TWENTYNINE PALMS — Going out for a hike in Joshua Tree National Park, Paul Miller told his wife he would be back at their hotel in time for 11 a.m. checkout. It was July 13, 2018 — the last time Stephanie Miller saw her husband of 26 years.

On Tuesday, Jan. 14, the county coroner’s office told Stephanie Miller that remains found late last year had been confirmed as her husband’s. Paul Miller, 51, had been found.

The coroner has not yet released a cause of death.

Stephanie and the couple’s son, Dryden, traveled from their home in Ontario, Canada, to Twentynine Palms this week, prepared for the news, family friend Ainsley Otten said.

In interviews in the past year and a half, Stephanie Miller expressed hope that her husband might be alive somewhere in the world.

“Until you give me proof that something else has happened to him, I have to believe that he’s still out there, who knows where,” she told Canadian news station Newstalk 1010 last year.

But by December 2019, Miller’s loved ones were hoping for closure.

“We are keeping our fingers crossed, as strange as that may sound. We are hoping that it’s Paul because it’s been a long year and a half,” Miller’s sister, Dawne Robinson, told CTV News in Canada.

Stephanie provided a statement to CTV, saying, “The family is hopeful this whole nightmare can be over soon.”

A hike that almost didn’t happen

The Canadian couple were on their final day of their anniversary trip through the American West when Paul Miller went missing. They visited Bryce Canyon, Zion and Grand Canyon before capping off their trip at Joshua Tree National Park.

They had meant to hike the 49 Palms trail together earlier in their visit to Joshua Tree, but it was raining and they postponed it to the final day, Stephanie Miller told reporters.

Paul left their hotel room after breakfast, around 9 a.m. July 13.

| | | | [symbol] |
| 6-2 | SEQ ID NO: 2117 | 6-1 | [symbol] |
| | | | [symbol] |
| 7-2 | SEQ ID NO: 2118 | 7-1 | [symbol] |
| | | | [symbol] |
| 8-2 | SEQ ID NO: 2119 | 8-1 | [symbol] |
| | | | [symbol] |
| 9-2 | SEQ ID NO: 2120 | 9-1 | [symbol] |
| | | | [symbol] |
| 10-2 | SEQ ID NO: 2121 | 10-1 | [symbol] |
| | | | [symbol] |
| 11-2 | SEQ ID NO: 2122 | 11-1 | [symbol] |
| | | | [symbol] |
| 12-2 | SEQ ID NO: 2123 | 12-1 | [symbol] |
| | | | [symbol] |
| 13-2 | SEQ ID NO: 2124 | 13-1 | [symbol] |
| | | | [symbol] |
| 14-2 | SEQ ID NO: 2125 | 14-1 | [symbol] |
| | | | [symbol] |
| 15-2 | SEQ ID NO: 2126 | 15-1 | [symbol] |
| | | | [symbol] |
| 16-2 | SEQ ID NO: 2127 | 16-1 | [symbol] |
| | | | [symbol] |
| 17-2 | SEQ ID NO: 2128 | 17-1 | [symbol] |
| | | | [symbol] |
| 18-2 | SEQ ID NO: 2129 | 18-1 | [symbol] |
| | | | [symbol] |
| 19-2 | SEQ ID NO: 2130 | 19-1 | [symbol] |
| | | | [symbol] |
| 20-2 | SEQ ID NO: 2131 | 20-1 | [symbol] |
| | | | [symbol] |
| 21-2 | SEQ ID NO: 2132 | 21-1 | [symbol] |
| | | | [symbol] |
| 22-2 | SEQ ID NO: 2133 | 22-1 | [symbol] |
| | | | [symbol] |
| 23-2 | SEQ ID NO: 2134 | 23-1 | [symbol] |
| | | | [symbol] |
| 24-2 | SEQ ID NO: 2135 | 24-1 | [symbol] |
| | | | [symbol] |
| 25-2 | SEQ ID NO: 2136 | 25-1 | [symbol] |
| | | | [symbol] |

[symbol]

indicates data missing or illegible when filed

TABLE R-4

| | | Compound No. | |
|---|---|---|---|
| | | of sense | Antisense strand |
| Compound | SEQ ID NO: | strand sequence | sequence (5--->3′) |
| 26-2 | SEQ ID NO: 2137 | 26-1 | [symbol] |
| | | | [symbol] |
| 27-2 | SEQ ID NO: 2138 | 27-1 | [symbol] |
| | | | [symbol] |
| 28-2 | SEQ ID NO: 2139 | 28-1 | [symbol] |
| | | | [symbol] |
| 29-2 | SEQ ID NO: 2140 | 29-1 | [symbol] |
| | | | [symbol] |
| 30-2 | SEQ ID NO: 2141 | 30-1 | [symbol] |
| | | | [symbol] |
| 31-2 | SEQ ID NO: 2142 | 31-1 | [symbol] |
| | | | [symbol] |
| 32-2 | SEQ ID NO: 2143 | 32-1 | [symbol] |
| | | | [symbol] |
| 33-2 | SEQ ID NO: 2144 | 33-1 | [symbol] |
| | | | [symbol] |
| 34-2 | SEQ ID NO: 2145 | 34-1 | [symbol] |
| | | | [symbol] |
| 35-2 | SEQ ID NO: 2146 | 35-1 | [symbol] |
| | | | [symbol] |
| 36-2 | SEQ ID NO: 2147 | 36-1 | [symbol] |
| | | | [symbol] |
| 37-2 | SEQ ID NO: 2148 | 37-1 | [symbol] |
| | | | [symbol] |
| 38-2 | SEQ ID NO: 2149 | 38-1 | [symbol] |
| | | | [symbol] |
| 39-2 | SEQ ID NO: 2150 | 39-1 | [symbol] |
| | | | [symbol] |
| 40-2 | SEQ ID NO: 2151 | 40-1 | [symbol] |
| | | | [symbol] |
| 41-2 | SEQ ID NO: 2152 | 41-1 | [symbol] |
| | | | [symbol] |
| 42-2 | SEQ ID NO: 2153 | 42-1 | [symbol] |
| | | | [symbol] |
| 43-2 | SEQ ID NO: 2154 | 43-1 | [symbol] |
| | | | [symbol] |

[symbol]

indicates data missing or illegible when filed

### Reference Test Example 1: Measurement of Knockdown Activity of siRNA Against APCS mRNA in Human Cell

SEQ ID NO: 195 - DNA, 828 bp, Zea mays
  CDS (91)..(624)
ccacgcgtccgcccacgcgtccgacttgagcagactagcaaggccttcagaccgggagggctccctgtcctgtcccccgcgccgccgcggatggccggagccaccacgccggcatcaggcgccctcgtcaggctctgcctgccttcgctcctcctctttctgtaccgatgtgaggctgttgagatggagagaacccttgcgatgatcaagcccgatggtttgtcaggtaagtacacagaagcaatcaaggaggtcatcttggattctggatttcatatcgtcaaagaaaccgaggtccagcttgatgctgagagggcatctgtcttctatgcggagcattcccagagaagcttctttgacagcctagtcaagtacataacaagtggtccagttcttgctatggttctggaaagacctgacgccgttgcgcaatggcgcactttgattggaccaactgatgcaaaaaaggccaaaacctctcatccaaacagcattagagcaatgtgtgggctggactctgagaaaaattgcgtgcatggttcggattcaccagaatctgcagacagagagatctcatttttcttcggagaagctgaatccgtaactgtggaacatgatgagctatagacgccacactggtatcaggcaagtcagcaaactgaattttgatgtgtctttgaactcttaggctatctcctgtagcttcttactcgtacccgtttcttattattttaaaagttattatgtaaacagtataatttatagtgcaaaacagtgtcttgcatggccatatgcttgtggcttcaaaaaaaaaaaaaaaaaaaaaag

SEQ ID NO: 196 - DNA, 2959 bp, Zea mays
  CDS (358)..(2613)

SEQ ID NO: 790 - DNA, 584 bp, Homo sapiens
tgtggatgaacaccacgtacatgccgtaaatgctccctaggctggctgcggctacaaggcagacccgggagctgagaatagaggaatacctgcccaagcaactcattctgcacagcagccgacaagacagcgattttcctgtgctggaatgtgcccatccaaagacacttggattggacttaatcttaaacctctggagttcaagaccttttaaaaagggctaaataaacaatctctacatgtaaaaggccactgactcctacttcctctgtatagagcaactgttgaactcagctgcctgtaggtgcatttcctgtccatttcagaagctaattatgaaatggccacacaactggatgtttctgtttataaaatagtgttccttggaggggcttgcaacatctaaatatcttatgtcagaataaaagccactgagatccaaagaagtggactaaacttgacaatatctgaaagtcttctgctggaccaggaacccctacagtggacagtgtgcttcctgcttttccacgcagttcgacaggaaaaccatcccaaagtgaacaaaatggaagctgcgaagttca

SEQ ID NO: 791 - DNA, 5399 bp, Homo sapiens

When he hadn’t returned by noon, Stephanie alerted park rangers.

Rangers started a search immediately, and eventually up to 90 people on the ground, six search dogs, an all-terrain vehicle and a helicopter crew joined the hunt for Miller. No sign was found besides his rental car, which was left in the parking lot of the 49 Palms trailhead, inside the park from an entrance in Twentynine Palms.

In November 2019, a nonprofit association of drone pilots, Western States Aerial Search, got permission to fly over the terrain where Miller went missing.

The drones took 6,711 images, which the pilots uploaded to DropBox, an online file-storage service. Volunteers began scouring the photographs for signs of Miller.

Two of them, Sara Francis Kelley and Morgan Clements, found evidence of human remains in the photos, said Greg Nuckolls, founder of Western States Aerial Search. The nonprofit notified rangers on Dec. 19, providing GPS coordinates of the rocky, steep location.

Law enforcement rangers hiked to the spot the next day and found human skeletal remains and personal belongings.

The remains appeared to have been tucked into steep terrain far from trails for some time, according to the national park.

The Miller family expected to announce details for a memorial service when they returned to Canada. Otten said they were asking for privacy in these final steps.

“Please keep Paul’s loved ones in your thoughts and prayers as they traverse the difficult end to the journey to bring Paul home,” she wrote.

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